Spreading holiday cheer
Charity events cater to warming Charlottesville community during winter
With finals just around the corner and the holiday season fast approaching, it’s easy to get caught up in due dates, travel plans and Christmas shopping. In the midst of the madness, however, many students are also hard at work helping Charlottesville families enjoy their holiday seasons.
Circle K’s Breakfast with Santa
Last Sunday, the University’s chapter of Circle K, an internationally-recognized service organization, invited children and their families from the Charlottesville community to come to the Student Activities Building and enjoy a free breakfast with Santa, giving underprivileged kids a fun opportunity to celebrate the holiday season.
“Their situations could be as bad as not having a warm breakfast for the holiday season,” said third-year College student and club president Adela Mahmutovic. “So it’s a really great way to have the whole family just forget about the economic situation and just have fun and enjoy the season without having to worry about how much it’s going to cost and whether it will set them back.”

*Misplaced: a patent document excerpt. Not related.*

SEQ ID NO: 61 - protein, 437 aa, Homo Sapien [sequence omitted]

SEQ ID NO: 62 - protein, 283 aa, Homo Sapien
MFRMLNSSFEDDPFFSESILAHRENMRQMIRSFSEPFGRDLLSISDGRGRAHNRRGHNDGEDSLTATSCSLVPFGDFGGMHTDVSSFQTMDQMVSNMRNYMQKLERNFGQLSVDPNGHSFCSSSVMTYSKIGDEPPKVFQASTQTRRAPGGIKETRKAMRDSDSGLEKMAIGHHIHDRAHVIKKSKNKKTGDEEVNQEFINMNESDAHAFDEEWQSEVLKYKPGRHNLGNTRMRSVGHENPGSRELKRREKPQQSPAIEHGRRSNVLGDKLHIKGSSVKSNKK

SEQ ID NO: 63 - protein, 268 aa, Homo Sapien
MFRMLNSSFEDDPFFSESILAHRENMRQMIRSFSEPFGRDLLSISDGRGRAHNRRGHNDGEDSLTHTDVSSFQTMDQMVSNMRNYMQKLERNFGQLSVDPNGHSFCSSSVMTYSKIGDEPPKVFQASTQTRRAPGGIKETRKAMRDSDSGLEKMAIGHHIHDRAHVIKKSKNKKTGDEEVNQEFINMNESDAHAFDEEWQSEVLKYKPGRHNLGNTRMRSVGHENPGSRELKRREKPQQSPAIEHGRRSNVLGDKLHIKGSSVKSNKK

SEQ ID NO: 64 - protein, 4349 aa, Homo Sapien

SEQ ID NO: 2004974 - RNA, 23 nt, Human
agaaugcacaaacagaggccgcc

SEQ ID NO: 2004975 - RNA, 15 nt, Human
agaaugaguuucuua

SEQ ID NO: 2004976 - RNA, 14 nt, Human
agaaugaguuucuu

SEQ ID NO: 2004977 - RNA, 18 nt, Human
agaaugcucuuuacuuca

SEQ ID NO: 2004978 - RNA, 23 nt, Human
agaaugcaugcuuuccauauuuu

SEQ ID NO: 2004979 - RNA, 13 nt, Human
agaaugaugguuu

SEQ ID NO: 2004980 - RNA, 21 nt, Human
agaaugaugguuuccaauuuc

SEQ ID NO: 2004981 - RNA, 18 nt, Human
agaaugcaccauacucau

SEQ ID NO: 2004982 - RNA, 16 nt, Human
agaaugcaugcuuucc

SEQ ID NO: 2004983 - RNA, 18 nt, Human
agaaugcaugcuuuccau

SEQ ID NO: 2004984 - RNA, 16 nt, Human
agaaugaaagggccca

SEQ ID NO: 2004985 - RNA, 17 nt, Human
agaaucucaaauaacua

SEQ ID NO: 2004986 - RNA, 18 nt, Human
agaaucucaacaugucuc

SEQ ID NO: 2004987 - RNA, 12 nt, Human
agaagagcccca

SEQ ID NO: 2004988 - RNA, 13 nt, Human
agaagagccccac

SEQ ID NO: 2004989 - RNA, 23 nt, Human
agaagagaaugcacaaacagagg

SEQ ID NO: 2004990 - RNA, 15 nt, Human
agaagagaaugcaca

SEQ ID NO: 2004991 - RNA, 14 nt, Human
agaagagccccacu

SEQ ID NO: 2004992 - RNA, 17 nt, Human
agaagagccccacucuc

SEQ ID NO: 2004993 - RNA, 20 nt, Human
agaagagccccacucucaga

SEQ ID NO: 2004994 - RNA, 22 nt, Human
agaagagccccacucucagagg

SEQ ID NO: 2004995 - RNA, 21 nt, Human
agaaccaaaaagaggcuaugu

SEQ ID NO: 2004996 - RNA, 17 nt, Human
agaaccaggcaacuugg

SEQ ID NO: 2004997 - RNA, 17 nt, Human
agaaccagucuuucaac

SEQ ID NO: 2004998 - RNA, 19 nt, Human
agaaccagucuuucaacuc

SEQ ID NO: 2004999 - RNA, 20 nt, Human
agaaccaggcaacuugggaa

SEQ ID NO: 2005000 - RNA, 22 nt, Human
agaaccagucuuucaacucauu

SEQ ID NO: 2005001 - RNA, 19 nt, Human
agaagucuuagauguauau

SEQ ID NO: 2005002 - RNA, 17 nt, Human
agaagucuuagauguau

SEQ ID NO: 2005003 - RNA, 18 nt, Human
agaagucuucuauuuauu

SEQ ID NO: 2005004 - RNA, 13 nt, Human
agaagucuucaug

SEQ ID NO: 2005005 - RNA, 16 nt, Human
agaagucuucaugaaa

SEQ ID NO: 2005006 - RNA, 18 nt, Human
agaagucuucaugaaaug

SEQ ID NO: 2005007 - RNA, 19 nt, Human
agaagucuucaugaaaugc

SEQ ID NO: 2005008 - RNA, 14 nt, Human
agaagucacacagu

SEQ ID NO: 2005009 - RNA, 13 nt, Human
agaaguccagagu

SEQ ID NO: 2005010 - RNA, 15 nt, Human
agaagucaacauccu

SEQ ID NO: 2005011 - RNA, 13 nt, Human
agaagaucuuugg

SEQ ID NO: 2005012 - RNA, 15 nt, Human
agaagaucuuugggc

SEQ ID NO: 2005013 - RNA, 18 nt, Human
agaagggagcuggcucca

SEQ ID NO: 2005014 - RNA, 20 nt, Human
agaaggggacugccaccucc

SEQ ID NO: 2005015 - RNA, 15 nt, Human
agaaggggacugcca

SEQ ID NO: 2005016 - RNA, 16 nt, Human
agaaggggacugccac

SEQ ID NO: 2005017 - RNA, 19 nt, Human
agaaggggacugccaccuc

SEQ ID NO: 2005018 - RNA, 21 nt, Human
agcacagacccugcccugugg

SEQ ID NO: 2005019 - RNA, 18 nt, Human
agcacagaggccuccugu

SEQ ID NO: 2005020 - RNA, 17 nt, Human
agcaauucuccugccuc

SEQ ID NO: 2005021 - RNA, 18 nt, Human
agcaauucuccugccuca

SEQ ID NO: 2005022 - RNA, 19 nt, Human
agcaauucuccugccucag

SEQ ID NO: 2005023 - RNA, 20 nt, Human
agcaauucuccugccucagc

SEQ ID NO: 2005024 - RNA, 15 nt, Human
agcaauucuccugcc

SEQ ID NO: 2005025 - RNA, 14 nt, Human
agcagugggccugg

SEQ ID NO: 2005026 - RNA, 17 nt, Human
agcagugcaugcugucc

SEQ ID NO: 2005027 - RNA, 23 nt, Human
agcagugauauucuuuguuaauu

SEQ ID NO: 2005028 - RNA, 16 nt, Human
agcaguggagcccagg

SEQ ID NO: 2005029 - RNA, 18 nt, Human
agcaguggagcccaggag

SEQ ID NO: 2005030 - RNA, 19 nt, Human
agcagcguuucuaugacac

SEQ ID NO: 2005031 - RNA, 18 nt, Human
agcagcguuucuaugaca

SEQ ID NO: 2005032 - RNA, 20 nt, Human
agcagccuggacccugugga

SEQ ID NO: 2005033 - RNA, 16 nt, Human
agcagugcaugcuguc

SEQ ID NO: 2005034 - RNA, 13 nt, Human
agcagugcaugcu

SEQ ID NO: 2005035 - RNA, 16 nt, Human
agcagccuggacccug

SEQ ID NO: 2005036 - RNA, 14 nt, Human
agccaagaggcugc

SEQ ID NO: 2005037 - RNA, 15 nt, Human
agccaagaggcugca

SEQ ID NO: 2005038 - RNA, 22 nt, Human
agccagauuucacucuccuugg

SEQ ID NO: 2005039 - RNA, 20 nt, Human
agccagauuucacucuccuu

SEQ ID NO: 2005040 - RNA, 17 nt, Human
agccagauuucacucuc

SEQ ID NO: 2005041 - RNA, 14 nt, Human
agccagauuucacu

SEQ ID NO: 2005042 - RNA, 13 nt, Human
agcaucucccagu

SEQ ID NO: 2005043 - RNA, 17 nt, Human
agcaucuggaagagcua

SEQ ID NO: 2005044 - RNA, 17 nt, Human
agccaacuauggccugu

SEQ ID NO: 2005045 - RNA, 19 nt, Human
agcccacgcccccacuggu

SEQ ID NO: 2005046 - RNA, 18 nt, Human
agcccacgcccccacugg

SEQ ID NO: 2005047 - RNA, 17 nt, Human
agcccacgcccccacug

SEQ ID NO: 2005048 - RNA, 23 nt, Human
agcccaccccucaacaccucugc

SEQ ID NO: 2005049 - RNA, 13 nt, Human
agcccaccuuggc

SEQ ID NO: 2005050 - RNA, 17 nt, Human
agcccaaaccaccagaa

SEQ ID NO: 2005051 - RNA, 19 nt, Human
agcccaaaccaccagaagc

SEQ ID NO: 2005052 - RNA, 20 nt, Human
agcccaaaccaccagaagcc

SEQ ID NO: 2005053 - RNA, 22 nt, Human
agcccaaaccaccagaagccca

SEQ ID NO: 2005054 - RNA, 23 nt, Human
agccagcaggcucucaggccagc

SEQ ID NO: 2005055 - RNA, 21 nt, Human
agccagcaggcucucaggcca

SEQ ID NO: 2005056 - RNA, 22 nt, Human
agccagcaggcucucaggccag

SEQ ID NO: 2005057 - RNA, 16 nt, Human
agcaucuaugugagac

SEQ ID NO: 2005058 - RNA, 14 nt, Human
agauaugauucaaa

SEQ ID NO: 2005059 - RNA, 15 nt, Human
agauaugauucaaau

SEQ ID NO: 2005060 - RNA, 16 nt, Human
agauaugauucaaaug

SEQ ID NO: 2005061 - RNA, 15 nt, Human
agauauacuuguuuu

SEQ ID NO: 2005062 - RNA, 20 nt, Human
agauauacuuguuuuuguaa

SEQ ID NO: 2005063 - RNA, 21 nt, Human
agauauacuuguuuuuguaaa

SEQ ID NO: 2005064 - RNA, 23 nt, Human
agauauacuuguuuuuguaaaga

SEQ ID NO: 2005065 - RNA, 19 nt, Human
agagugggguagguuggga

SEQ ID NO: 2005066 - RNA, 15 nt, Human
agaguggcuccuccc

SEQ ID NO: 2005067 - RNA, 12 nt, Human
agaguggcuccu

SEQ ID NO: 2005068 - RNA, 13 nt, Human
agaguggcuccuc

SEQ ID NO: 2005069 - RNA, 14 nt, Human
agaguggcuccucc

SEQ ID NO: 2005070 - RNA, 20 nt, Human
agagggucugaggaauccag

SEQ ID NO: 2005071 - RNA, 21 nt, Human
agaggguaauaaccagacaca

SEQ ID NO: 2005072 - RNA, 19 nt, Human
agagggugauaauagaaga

At the event, there were six different craft tables and five games for children to play, along with a table full of breakfast foods donated by places such as Panera, U.Va. Dining and Dunkin’ Donuts. The step team from the Boys and Girls Club also performed, and of course, Santa made a special appearance.
“They probably never get to see Santa and never get to sit on Santa’s lap and get a toy,” said second-year College student Heidi Collins, the event coordinator. “Seeing their faces and just knowing that we are really making a difference to them and giving them the true spirit of the holidays is really rewarding.”
Madison House’s Holiday Sharing Program
Throughout the fall semester, a team of student volunteers have worked through Madison House to ensure that more than 100 families in the Charlottesville area are provided with meals and presents during the holiday season. These students gather sponsors who make a financial commitment to buy at least $30 in presents for each member of the family and enough food for three meals.
Students can also solicit support from their peers at the University to supplement a sponsor’s gift.
Recruiting CIOs, fraternities, sororities, families and individuals from the Charlottesville community to promise such a hefty contribution can prove challenging, but Eleanor Muse, third-year College student and head of publicity for Madison House, said all the hard work pays off at the end on “Distribution Day.”
“All of the families come to Madison House and they bring their kids and we have cookie decorating and Santa,” she said. “We give all the packages to the families, and that is just a really cool experience to see the impact that the program has made. … It’s easy to just bury your head and think about what you are doing but this is a cool way for organizations to get involved with the Charlottesville community and stay connected especially in the holiday season.”